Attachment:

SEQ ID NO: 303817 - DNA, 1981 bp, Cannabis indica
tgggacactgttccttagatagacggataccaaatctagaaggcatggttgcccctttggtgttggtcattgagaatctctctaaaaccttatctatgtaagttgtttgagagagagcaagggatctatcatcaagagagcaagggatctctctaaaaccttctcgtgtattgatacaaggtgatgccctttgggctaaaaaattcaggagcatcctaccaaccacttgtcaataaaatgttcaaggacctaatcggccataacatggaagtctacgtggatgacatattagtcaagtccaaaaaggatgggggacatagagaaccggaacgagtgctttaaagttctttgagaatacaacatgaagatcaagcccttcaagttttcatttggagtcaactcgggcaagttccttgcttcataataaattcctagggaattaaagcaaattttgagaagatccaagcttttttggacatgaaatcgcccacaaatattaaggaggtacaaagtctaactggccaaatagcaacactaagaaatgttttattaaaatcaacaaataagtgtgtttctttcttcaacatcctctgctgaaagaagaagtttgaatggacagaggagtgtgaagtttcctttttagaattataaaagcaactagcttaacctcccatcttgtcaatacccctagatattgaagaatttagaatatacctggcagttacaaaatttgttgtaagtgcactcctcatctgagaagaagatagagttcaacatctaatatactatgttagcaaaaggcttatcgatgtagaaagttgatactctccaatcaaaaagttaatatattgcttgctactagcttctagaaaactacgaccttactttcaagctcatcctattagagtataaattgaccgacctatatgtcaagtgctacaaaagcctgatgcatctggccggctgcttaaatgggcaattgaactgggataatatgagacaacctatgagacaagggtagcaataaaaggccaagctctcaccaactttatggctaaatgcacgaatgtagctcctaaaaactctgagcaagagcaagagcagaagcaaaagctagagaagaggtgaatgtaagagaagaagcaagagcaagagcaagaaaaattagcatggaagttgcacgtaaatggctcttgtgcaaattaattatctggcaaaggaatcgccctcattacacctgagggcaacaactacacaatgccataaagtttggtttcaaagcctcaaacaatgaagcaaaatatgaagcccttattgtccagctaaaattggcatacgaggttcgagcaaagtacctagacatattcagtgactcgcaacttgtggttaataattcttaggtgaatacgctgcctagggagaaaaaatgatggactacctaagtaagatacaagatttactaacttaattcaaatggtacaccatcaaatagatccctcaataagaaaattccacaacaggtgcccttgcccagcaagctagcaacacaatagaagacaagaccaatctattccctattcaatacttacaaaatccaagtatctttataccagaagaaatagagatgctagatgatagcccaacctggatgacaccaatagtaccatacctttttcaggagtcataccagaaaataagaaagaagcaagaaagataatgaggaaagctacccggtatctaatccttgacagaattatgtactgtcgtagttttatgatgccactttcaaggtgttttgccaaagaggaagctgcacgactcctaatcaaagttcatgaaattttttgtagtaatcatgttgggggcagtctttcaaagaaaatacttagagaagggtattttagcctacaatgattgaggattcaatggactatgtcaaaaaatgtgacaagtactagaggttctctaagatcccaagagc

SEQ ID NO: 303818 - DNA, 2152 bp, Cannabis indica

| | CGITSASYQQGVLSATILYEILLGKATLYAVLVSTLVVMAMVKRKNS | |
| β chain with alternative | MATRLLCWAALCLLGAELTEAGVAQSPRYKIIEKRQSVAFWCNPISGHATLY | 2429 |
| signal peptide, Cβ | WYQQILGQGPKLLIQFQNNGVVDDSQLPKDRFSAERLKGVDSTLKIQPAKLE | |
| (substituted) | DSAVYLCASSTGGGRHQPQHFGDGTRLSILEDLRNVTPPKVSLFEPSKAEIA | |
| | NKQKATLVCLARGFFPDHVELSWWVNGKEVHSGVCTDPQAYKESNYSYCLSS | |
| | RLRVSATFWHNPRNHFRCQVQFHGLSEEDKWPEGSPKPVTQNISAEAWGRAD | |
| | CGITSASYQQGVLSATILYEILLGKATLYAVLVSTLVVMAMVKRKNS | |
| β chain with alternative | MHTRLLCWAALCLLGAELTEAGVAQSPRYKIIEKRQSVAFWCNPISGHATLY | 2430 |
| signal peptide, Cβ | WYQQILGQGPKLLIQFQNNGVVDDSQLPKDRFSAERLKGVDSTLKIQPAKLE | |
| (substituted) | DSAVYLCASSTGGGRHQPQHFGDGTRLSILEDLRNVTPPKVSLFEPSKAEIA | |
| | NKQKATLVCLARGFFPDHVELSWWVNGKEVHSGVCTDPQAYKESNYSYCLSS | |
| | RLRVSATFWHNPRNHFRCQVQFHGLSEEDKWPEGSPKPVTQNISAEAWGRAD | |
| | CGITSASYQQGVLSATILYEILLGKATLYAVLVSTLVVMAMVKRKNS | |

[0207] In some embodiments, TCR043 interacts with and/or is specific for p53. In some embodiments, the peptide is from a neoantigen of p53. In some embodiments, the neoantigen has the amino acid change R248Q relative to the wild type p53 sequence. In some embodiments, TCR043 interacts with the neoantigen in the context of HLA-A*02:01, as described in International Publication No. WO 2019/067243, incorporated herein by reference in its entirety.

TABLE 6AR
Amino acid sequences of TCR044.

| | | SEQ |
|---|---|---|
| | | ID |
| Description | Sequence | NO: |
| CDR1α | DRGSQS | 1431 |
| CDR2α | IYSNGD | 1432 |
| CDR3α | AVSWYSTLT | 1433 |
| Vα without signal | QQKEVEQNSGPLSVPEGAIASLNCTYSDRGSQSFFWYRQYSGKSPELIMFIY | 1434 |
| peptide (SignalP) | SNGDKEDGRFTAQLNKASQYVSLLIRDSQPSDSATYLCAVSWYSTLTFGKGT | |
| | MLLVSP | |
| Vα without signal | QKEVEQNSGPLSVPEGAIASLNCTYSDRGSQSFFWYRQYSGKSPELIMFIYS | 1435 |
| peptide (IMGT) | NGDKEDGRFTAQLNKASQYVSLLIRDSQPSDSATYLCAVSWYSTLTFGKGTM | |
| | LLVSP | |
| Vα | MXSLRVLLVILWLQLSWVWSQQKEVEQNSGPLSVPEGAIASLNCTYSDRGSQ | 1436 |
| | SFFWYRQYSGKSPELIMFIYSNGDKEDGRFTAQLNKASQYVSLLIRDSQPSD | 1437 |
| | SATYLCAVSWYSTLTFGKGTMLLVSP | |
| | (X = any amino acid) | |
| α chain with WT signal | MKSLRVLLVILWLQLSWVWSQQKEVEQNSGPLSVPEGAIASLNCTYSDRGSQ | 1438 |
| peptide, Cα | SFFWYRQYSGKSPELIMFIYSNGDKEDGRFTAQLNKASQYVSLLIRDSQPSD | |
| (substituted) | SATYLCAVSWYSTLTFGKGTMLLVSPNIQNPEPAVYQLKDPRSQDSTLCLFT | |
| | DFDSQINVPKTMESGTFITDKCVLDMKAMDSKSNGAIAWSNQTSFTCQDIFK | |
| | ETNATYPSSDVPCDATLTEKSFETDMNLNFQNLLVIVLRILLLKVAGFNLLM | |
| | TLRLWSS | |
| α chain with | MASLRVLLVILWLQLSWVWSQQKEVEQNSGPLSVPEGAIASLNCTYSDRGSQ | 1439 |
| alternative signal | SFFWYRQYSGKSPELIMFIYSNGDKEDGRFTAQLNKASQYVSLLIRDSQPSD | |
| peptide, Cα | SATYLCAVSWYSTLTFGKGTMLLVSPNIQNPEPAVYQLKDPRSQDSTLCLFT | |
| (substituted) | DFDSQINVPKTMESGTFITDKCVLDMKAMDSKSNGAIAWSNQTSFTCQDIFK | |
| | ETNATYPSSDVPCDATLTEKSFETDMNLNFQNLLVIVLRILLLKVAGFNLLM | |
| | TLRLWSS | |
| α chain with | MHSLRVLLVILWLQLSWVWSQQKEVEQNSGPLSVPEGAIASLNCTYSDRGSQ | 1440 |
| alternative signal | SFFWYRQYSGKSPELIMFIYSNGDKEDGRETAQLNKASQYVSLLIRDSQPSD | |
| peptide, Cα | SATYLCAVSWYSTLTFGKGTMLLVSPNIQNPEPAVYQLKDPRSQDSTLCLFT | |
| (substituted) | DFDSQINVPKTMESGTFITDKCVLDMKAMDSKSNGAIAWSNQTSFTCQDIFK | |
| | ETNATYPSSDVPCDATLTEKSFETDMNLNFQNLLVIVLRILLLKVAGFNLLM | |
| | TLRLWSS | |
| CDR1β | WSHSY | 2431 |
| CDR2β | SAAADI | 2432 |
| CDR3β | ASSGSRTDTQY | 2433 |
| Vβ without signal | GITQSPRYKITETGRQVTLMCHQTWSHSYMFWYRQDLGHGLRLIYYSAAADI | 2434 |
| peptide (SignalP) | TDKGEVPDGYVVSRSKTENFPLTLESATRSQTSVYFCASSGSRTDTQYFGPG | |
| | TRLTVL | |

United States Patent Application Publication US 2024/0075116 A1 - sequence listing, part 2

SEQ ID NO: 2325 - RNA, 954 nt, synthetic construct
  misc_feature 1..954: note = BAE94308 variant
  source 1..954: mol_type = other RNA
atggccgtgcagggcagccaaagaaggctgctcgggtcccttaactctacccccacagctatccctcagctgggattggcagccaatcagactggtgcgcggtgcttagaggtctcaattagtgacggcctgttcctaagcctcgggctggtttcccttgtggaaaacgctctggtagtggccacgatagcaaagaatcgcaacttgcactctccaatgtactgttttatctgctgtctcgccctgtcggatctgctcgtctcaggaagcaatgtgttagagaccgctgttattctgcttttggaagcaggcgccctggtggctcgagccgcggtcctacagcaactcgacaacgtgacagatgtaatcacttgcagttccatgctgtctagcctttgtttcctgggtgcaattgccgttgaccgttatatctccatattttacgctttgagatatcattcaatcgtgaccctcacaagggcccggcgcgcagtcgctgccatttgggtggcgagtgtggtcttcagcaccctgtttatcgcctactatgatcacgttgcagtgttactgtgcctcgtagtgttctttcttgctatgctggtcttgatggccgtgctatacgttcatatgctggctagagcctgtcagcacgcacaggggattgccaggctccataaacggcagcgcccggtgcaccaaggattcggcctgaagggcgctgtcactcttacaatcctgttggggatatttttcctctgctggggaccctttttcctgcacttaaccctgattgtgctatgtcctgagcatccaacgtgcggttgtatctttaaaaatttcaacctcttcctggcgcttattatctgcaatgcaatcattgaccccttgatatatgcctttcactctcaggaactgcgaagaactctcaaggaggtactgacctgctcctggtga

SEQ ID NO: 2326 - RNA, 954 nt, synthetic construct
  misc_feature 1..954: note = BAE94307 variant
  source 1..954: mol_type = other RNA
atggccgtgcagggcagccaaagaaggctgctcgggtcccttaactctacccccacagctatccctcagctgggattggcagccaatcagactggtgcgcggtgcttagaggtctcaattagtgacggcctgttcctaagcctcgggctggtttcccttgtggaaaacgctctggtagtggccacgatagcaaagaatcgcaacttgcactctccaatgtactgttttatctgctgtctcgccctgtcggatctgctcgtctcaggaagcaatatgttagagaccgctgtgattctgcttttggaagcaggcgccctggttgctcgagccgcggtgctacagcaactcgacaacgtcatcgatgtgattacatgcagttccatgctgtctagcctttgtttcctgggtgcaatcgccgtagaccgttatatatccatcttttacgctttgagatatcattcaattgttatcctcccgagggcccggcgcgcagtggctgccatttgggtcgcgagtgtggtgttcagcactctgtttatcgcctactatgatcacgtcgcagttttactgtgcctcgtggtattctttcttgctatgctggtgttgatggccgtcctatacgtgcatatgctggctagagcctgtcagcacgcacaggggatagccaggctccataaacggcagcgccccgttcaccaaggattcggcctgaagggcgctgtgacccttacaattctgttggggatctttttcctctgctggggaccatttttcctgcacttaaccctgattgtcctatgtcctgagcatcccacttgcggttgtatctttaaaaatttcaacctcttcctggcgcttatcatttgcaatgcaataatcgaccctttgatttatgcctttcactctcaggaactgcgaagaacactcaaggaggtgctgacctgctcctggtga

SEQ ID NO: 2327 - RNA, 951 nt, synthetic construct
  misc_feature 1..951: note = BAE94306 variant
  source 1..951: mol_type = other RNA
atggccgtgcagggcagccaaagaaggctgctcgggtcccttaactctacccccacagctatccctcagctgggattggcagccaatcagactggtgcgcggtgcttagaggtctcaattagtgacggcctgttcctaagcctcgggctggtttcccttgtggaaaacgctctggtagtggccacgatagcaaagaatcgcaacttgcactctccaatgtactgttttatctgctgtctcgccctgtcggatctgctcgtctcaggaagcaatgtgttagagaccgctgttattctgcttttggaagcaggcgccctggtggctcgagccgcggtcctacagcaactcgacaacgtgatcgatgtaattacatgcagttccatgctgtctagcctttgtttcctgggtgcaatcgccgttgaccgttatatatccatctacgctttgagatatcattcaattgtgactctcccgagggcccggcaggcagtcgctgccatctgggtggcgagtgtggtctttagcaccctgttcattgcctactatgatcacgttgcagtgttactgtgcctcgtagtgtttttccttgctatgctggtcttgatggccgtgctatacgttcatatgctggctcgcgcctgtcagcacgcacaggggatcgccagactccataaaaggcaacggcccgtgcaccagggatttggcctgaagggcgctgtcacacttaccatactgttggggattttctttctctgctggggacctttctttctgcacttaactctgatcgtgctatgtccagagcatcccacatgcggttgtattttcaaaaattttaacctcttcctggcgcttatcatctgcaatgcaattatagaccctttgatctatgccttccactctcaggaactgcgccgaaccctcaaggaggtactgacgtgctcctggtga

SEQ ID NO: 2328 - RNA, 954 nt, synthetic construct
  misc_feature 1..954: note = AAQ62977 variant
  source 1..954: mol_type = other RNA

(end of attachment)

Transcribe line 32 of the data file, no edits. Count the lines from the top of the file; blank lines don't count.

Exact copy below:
| | LLVSP | |